On February 24, 2016, Appellant filed his fourth pro se PCRA petition, which he amended on March 28, 2016. In that petition, he argued that his LWOP sentences violated the Eighth Amendment of the United States Constitution as interpreted by Miller v. Alabama , 567 U.S. 460, 132 S.Ct. 2455, 183 L.Ed.2d 407 (2012) and Montgomery v. Louisiana , ––– U.S. ––––, 136 S.Ct. 718, 193 L.Ed.2d 599 (2016).4 On May 12, 2016, the PCRA court granted the petition and vacated Appellant's judgment of sentence.5

Counsel then was appointed for resentencing. On July 5, 2016, the trial court sentenced Appellant to 30 years to life for each first-degree murder conviction and ordered those two sentences to run consecutively. Hence, the trial court sentenced Appellant to an aggregate term of 60 years to life imprisonment. On July 15, 2016, Appellant challenged the legality of his sentence in a post-sentence motion. The trial court denied that motion on July 19, 2016. This timely appeal followed.6

C. Questions Presented

Appellant presents two issues for our review:

1. Pursuant to [ Miller , which invalidated] the Pennsylvania first and second[-]degree murder7 statutes for juveniles, was the only constitutional sentence available a sentence for third[-]degree murder?

2. Is it unconstitutional to impose a sentence of 60 years to life, a de facto sentence of [LWOP], on a juvenile absent
180 A.3d 422
a finding that the juvenile is one of the rare and uncommon juveniles who is permanently incorrigible, irreparably corrupt[,] or irretrievably depraved?

Appellant's Brief at 3.8

II. Discussion

Both of Appellant's issues challenge the legality of his sentence. We review the legality of a sentence de novo and our scope of review is plenary. Commonwealth v. Melvin , 172 A.3d 14, 19 (Pa. Super. 2017) (citation omitted). To understand Appellant's challenges to the legality of his sentence, it is necessary to understand the statutory framework governing juveniles9 convicted of first and second-degree murder.

A. Legal Background

1. Pennsylvania's Prior Statutory Scheme

At the time of Appellant's conviction, the Crimes Code provided that an individual, including a juvenile, convicted of first or second-degree murder must be sentenced to a term of life imprisonment. See 18 Pa.C.S.A. § 1102(a), (b) (West 1994). The Parole Code provided that an individual sentenced to a term of life imprisonment is not eligible for parole. See 61 Pa.C.S.A. § 6137(a)(1) (West 1994). Finally, the Juvenile Act provided that the term "delinquent act" does not include the crime of murder. See 42 Pa.C.S.A. § 6302 (West 1994).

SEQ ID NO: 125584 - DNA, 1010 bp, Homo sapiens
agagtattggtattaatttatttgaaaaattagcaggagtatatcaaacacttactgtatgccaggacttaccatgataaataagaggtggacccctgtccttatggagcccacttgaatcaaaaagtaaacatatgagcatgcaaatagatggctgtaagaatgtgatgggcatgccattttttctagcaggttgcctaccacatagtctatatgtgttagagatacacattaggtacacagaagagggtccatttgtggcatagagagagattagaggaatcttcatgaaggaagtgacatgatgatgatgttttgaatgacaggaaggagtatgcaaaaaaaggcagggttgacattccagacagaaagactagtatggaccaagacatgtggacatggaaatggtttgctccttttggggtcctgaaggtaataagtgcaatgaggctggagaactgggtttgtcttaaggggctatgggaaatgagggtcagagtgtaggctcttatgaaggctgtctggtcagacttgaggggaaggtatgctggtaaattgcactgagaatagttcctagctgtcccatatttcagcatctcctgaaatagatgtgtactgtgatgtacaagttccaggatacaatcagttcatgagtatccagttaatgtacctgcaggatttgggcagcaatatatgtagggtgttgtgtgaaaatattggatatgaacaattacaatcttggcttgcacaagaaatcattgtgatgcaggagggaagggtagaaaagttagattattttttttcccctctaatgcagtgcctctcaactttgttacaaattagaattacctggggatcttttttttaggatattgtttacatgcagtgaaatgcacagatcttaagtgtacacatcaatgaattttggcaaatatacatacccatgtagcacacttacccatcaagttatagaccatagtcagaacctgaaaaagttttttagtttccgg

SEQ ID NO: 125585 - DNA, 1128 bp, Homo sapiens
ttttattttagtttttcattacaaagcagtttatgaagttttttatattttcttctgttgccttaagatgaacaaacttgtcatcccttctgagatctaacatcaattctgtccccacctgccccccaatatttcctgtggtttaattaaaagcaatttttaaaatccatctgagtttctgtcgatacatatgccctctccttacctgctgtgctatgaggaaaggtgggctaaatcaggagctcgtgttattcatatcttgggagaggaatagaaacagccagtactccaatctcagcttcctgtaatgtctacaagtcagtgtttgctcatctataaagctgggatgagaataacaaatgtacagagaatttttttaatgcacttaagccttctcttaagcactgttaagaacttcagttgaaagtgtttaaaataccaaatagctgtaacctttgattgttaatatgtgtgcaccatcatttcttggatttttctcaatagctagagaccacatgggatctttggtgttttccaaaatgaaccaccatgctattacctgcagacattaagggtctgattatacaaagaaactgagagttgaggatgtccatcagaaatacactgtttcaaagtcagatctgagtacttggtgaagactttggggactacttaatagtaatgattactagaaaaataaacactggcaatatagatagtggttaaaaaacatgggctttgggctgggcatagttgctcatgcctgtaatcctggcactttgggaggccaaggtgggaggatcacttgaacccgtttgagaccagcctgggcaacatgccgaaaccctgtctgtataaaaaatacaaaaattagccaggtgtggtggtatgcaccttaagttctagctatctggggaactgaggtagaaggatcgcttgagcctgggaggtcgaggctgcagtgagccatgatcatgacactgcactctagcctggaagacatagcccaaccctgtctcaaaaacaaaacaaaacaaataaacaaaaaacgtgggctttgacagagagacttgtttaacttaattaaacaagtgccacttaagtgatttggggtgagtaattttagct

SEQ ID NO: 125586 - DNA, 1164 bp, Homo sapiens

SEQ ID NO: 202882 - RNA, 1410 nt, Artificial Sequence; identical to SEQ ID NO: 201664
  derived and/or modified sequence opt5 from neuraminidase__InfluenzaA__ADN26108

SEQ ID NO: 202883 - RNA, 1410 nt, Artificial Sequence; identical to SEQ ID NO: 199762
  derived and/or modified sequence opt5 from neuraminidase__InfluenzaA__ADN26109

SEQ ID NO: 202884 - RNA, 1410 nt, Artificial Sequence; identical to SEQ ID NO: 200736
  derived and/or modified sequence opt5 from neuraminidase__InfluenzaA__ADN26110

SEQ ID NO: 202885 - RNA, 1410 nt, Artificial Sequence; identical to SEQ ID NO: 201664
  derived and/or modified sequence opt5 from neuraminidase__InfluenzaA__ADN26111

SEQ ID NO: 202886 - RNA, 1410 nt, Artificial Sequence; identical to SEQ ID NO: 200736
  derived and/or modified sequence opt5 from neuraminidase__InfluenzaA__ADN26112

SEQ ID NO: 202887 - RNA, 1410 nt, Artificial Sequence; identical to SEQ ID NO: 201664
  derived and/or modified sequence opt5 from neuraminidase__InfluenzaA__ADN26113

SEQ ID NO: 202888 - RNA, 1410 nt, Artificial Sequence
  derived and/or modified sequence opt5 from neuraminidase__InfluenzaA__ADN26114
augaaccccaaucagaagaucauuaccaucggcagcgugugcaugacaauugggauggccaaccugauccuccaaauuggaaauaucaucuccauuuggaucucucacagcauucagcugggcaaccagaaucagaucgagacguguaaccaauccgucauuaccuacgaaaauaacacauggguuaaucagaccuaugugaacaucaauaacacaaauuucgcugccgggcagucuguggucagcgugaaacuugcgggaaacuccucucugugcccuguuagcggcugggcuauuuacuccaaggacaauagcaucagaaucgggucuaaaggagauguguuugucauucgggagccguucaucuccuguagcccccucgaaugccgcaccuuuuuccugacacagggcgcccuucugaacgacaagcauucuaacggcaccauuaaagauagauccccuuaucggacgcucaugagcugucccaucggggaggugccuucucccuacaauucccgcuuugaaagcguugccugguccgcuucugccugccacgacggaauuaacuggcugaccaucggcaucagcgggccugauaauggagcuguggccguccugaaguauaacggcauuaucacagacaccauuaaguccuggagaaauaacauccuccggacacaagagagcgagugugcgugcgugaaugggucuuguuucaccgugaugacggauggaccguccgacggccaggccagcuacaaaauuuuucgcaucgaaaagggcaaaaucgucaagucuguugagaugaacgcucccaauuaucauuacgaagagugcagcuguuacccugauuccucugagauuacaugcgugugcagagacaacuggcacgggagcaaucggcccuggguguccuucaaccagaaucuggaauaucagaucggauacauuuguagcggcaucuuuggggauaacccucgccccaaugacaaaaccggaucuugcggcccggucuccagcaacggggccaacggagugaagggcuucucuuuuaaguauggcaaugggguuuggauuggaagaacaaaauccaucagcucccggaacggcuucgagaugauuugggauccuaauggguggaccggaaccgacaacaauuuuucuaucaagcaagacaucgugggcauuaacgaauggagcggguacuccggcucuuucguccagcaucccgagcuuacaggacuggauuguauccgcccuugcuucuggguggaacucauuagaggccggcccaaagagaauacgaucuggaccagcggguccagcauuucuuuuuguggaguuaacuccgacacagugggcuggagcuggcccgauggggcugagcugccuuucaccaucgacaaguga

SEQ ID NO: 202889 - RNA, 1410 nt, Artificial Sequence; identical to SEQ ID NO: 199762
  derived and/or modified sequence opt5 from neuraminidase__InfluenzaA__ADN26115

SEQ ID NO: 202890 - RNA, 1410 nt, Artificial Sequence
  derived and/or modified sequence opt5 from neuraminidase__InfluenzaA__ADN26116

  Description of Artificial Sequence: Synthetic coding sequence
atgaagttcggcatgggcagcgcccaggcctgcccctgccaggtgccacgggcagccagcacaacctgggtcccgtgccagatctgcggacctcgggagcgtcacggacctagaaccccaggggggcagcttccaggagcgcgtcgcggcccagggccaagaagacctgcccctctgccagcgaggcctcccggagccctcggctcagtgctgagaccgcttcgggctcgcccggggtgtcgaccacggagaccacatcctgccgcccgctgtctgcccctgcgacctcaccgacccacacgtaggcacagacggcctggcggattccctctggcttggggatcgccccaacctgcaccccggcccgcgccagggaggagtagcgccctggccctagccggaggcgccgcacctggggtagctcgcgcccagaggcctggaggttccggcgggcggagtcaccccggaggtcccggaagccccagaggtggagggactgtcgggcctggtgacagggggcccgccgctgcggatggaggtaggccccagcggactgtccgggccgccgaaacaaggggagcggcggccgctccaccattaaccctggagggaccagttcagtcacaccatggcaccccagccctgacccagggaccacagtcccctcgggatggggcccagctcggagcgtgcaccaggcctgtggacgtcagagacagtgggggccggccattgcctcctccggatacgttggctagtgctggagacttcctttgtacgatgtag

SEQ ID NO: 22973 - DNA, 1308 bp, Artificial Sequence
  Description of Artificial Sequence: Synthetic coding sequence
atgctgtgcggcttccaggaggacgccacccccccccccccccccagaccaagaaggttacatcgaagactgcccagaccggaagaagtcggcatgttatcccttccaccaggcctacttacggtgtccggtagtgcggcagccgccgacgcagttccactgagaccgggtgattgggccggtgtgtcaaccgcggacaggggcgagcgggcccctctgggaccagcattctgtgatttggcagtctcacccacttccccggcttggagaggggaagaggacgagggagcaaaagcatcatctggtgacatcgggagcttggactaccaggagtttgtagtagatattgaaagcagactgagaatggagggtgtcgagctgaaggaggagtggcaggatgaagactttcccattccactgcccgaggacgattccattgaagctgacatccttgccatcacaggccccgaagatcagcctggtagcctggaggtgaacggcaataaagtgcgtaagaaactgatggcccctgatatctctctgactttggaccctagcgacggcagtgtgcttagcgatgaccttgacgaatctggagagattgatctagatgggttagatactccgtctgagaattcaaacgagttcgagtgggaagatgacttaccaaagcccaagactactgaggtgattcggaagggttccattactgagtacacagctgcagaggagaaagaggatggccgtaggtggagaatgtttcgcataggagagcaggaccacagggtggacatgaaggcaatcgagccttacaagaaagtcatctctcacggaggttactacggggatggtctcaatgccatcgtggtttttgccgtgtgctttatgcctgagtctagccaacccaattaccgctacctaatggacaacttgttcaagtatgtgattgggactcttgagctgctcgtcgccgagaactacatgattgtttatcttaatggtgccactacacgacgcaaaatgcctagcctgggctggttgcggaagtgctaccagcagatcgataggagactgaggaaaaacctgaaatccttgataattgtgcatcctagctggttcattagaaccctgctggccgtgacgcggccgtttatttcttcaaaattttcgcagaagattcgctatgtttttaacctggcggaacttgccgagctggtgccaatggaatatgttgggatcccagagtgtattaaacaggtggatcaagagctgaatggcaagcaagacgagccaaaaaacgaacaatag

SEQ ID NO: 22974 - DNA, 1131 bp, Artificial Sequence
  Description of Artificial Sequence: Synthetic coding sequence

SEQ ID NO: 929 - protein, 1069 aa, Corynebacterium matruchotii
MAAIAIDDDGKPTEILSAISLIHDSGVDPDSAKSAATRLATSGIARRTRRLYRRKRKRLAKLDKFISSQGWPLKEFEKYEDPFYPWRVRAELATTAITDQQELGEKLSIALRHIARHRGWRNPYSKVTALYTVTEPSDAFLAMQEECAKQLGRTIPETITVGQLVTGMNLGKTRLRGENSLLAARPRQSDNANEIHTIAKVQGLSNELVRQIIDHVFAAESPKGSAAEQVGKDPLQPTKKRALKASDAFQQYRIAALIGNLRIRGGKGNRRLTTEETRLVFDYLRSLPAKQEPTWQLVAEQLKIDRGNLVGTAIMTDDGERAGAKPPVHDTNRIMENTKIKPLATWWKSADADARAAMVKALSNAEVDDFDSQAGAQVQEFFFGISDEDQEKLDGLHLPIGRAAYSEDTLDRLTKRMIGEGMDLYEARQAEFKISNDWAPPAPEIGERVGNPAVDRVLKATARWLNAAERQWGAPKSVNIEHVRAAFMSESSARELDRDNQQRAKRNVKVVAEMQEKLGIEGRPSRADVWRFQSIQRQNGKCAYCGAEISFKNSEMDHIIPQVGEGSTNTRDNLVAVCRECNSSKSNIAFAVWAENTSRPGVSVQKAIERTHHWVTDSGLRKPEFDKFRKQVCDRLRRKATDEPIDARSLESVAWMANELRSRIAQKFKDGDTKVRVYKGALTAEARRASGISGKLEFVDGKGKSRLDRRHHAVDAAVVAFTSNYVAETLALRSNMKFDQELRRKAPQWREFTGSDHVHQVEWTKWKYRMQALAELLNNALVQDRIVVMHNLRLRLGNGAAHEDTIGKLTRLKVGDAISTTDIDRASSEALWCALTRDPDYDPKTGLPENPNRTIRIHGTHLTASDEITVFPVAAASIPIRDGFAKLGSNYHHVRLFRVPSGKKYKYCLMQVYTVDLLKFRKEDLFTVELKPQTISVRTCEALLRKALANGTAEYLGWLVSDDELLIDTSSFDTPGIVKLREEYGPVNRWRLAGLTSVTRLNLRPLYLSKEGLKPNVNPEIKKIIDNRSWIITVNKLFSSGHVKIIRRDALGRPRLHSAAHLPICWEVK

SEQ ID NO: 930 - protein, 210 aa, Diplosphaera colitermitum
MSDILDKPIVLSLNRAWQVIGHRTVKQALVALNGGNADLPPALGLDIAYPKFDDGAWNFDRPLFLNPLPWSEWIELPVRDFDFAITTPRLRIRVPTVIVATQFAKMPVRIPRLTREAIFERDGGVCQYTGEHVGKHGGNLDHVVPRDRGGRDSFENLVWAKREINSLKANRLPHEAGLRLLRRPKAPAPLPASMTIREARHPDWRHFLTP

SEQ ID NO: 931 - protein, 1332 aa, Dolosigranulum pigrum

Under that statutory framework, a juvenile who committed first or second-degree murder was charged as an adult. As occurred in the case sub judice , a defendant could then request that his or her case be transferred to the Juvenile Division. See 42 Pa.C.S.A. § 6355 (West 1994). If the trial court refused to transfer the case to the Juvenile Division, and the juvenile was convicted of first or second-degree murder, the trial court had to sentence the juvenile to life imprisonment and the juvenile would never become eligible for parole. Thus, a juvenile convicted of first or second-degree murder under this statutory scheme received a mandatory LWOP sentence.

2. History of Punishment for Juvenile Offenders

Having set forth the statutory framework when Appellant was convicted and sentenced, we turn to the historical underpinnings of that statutory scheme.

When our Republic was founded, individuals over the age of 14 who were convicted of crimes were treated like adults and subject to execution. See Victor L. Streib, Death Penalty for Children: The American Experience with Capital Punishment for Crimes Committed While Under Age Eighteen , 36 Okla. L. Rev. 613, 614 (1983) ("Streib"). Individuals between the ages of seven and fourteen were presumed ineligible for the death penalty; however, this presumption was rebuttable. See id. Only children under the age of seven were ineligible for the death penalty. See id. Before 1900, at least 95 juveniles were executed. See id. at 616. At least 14 of these juveniles were executed for crimes committed when they were 14 or younger. See id. at 619.

180 A.3d 423

In 1899, Illinois became the first state to separate the juvenile justice system from the criminal justice system. See 1899 Ill. Laws 131. Over the next four decades, almost every state and the federal government passed similar legislation, which treated some, or all, juvenile offenders differently than adult defendants. E.g. 1901 P.L. 279;10 see also Streib at 616–617. This decreased the number of juveniles tried in the criminal justice system...